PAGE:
On True Costs – and airline security

First, welcome to my blog. I hope to take my incessant ramblings on politics, economics, and societal issues and crystallize some of those thoughts into coherent entries here; if my entries aren’t well written, I hope that they are at least thought provoking!

So, what is the concept of “True Cost”? If we had the power to know the true cost and benefit of each action we intend to take, surely decision-making would become a trivial process. In reality, people cannot predict the future, and they often disagree agree on the cost or benefit of a particular outcome. Still, this form of analysis has its place in policy-making, as it enables us to rationally approach topics that too often are debated in purely emotional terms.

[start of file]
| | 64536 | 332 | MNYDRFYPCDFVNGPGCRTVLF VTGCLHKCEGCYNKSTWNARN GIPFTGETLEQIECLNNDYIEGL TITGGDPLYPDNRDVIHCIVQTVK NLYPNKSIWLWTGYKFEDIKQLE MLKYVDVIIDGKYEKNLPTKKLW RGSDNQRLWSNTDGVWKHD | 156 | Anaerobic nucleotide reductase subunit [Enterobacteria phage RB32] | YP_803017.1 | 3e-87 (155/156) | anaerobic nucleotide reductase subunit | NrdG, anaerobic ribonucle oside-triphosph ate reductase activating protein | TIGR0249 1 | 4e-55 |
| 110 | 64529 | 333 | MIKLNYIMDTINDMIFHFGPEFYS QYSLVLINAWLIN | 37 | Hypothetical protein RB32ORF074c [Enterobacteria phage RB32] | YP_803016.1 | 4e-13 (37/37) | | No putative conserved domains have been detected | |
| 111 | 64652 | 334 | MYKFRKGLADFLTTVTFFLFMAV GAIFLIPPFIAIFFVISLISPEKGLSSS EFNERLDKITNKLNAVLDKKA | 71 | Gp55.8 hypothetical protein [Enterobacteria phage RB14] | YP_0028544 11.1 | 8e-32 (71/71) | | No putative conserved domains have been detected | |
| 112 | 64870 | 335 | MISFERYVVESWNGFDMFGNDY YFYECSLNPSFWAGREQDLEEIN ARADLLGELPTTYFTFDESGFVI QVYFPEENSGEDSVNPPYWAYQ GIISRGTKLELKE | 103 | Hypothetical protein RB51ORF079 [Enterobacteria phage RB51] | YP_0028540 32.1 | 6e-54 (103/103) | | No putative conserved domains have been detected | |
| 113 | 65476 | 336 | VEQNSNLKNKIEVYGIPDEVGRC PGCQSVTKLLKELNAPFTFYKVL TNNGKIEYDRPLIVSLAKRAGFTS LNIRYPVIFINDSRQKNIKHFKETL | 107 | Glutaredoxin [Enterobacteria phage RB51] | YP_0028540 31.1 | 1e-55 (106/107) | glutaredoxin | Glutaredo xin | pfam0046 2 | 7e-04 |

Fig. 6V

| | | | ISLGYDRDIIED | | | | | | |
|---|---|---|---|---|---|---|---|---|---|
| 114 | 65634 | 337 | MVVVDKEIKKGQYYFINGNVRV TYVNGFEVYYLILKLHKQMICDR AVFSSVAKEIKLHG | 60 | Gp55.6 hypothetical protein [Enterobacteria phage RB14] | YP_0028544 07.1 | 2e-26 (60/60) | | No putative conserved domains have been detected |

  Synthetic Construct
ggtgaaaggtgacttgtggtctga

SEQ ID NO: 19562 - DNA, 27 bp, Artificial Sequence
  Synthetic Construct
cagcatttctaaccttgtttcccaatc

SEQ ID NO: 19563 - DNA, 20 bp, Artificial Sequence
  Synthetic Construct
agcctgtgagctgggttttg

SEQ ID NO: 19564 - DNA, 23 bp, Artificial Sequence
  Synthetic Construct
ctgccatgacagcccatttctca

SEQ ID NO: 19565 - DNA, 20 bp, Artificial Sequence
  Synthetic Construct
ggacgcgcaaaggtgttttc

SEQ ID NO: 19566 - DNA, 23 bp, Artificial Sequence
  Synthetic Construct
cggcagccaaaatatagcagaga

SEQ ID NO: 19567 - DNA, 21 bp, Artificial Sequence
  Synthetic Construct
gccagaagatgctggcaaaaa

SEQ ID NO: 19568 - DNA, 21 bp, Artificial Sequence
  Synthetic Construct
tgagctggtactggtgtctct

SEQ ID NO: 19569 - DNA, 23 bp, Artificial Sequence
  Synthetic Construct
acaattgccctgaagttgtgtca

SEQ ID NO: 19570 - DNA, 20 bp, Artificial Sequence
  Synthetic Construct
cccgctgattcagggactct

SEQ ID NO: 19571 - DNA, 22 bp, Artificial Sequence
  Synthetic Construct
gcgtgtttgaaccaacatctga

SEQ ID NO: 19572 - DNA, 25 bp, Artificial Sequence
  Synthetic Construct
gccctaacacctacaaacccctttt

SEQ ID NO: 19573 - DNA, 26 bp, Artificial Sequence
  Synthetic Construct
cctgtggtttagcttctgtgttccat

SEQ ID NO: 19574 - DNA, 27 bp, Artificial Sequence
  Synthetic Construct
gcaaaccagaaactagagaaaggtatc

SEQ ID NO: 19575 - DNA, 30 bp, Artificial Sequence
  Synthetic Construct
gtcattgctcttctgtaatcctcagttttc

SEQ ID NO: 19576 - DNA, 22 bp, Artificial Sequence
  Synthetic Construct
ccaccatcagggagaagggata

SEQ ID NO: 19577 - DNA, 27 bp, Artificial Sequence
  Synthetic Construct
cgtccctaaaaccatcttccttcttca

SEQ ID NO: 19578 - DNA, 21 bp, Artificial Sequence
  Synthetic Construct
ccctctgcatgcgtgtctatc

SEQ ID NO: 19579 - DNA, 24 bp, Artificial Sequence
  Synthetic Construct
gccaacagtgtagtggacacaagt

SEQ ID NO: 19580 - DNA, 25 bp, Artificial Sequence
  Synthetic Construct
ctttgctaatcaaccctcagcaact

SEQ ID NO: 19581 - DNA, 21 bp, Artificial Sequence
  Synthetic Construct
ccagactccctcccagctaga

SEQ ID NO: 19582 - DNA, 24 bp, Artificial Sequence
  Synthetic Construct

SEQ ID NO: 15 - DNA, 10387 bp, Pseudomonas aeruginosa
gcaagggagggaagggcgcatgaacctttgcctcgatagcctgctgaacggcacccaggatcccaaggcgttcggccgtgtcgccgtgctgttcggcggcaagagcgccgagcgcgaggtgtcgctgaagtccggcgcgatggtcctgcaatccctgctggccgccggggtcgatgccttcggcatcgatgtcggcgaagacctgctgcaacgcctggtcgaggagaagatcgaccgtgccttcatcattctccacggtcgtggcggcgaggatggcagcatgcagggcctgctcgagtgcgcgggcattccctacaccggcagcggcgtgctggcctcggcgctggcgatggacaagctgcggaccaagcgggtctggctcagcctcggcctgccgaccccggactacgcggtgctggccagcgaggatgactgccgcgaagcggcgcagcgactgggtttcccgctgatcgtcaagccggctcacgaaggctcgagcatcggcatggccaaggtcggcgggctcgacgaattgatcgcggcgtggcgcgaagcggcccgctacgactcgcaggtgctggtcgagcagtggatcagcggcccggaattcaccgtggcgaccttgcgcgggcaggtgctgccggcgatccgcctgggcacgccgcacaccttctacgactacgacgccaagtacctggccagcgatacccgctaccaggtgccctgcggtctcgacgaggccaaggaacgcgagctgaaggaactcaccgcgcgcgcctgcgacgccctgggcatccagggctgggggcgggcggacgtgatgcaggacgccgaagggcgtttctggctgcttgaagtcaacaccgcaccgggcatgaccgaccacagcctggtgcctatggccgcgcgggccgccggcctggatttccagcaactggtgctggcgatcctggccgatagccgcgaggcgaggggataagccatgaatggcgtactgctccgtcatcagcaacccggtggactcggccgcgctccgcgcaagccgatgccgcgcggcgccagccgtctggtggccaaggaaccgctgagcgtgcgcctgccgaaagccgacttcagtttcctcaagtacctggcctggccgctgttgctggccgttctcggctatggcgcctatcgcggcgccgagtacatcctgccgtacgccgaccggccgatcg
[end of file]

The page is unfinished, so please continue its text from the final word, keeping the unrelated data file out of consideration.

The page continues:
Take, for example, the current security measures implemented in the airline industry. While fears of terrorism are well-founded, given events of recent history, at what point will the cost of extra security, delays, and trashed cosmetics outweigh the perceived benefit of increased security? No real terrorist has ever been caught by airport screeners (which is not to say it will never happen); but is this really the most effective way to effect airline safety?

More broadly, more Americans died from slips and falls (according to the CDC) during 2001 than from terrorism. Should we then live in fear of ladders and slick floors? Thinking individuals can work to balance security and risk in airline security – but they can do so only by weighing the cost and benefits, and not by reacting irrationally in the face of a new threat.

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